I spent the morning in a PD about Creating a Culture of Thinking…which included a focus on making thinking visible and reflecting in order to connect, extend and challenge…in order to make meaningful learning. I should have written down our exact central idea, but it was something like “Creating a culture of thinking leads to deep inquiry and meaningful learning.”. Which made me think that maybe in order to truly make my learning from this morning meaningful, I should perhaps try again at blogging as an educator. To make my own thinking visible and meaningful rather than just a day where I got some temporary inspiration that will quickly become lost amidst the paperwork and everyday demands that surround us all.
I chose a culture of thinking because I’ve realized that this is the core of my values and beliefs about learning and something that I feel I have a lot of room to grow in. I am challenged that somewhere over these past eleven years since university, I have lost a some of the big ideas in my excitement over great activities. I love great activities and there are so many of them out there, don’t get me wrong, but sometimes I don’t think about their value and purpose. It pains me a bit to realize that I need to let go of some of them. But letting go is a theme that I keep coming across – that to truly create a culture of thinking I need to let go of some good things in order to make room for great thinking.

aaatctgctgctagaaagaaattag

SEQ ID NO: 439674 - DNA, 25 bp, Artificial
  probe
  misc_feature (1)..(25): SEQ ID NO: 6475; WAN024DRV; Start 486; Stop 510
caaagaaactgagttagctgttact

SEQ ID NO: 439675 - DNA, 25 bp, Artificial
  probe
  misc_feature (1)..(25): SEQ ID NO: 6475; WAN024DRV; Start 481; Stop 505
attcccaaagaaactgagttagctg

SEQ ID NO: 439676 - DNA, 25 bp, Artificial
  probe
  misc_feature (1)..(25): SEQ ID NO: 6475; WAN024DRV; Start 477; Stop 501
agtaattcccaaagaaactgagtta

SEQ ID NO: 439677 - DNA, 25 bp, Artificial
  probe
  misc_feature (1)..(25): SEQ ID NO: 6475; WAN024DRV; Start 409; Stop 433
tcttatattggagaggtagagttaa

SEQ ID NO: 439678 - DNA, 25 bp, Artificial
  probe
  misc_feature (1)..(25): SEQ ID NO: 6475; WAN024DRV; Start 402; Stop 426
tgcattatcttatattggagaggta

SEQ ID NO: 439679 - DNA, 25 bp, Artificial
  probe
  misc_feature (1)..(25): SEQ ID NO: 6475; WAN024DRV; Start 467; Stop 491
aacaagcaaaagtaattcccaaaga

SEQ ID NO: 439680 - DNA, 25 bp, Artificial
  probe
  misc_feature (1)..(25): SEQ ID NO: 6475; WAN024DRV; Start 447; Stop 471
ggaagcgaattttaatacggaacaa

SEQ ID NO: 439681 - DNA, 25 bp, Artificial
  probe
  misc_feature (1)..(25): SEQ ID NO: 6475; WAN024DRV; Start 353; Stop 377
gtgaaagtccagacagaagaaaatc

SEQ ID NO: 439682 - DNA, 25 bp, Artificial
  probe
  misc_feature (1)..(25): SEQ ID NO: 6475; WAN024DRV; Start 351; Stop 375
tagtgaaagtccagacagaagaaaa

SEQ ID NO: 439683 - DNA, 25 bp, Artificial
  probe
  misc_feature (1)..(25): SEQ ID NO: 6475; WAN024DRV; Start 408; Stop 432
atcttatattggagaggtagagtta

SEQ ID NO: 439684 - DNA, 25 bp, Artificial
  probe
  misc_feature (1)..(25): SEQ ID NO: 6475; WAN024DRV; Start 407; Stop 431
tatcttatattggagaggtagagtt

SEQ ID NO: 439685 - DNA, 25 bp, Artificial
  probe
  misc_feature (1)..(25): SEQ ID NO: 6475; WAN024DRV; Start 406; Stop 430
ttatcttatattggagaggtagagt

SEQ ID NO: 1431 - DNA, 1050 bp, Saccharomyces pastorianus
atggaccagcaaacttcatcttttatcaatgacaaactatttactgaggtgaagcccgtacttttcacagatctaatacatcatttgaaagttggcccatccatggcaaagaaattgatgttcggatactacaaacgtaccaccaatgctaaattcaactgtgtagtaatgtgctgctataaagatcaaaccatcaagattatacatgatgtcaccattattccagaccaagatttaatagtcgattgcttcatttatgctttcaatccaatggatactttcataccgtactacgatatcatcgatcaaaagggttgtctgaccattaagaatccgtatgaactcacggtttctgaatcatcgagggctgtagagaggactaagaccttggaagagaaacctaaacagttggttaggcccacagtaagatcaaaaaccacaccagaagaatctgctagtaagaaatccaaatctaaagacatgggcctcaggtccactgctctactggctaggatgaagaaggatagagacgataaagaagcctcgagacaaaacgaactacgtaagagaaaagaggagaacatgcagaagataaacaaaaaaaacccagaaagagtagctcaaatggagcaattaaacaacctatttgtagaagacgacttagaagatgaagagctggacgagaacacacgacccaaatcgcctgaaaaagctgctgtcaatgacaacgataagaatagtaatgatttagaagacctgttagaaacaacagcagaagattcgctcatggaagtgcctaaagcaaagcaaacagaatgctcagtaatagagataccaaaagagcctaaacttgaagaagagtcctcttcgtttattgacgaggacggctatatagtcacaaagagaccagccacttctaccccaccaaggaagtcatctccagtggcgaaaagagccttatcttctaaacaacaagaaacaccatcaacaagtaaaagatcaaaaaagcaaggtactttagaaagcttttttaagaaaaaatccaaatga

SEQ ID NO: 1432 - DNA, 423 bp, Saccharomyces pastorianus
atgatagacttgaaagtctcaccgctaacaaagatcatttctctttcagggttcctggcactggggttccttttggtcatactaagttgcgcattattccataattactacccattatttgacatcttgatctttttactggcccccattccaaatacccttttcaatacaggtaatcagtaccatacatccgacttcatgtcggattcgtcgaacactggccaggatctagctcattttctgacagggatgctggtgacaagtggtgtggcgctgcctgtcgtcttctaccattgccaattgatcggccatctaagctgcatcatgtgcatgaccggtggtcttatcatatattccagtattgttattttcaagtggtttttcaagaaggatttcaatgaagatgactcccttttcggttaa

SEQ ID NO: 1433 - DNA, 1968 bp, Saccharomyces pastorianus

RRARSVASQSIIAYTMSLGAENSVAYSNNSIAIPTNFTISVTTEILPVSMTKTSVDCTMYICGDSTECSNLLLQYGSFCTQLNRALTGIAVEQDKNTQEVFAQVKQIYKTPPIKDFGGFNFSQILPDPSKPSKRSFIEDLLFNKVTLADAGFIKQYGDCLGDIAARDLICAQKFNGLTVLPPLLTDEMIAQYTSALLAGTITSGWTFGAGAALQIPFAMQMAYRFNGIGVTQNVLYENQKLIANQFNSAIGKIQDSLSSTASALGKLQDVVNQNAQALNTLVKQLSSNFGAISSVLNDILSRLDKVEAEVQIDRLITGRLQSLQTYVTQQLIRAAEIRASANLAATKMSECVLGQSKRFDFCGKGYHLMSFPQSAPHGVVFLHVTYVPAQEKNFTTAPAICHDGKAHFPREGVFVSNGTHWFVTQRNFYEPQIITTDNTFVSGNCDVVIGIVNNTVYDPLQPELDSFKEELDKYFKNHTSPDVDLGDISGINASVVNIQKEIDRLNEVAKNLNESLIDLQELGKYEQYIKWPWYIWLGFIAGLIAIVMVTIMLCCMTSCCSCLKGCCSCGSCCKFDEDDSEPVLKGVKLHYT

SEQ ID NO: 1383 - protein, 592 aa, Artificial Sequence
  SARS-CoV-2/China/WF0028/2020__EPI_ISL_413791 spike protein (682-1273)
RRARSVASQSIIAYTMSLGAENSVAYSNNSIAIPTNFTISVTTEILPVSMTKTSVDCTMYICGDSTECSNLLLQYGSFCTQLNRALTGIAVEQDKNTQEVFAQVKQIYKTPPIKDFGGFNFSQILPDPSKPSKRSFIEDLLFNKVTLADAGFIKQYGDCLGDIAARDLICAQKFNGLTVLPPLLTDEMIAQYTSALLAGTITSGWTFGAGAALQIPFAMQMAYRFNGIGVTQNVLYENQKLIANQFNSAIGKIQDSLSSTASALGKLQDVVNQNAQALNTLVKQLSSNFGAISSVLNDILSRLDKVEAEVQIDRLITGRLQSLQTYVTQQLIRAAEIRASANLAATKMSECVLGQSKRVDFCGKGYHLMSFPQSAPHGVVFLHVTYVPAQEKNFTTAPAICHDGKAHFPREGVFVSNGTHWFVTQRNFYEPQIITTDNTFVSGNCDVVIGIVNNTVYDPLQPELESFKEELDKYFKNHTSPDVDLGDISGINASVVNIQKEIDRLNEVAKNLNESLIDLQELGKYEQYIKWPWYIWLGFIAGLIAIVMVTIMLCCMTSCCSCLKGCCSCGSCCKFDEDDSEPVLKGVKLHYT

I connected with …
- when we make our thinking visible, it becomes more meaningful.
- sharing in small groups is much more engaging than waiting for individuals to answer in a large group (whether you are adult or child)
- teachers need to model, structure and take time for thinking in order to create a culture of thinkers.
I extended my learning through…
- thinking through what core words mean as an important start to learning – what is ‘culture’, ‘thinking’, ‘deep inquiry’ and ‘meaningful learning’?
- the idea that we can and should take time to reflect throughout learning – its not just an end thing. Taking some tme to pause throughout the process.
- making sure questions are meaningful to students (rather than just another to-do from the teacher). Having students share their inquiry questions in groups and getting questions/feedback/refinement from their classmates before continuing them.
Things that still challenge me…
- learning more about the thinking routines and how to use them in my classroom – which ones are appropriate for which situations and age (making them meaningful rather than just another activity)
- helping students who love fast, quick, easy problems and the ‘right answer’ transition to and enjoy a culture of thinking that can take time and thought (and doesn’t always leave you with a clear right answer)
I would love to say that I am going to walk in the classroom tomorrow and have an incredible culture of thinking and the perfect classroom now that I am enlightened. But I know better. Perhaps one of the most meaningful things I have been learning is that I will never do things perfectly (which frustrates me -I like being right and quick, easy answers) and there will always be something to improve, but that doesn’t mean it’s too hard or too difficult or not worth pursuing because little by little through trial and error I’ll end up closer to my goal than when I started…and become a better thinker and learner myself. If I’m not willing to try, how can I ask anything of my students?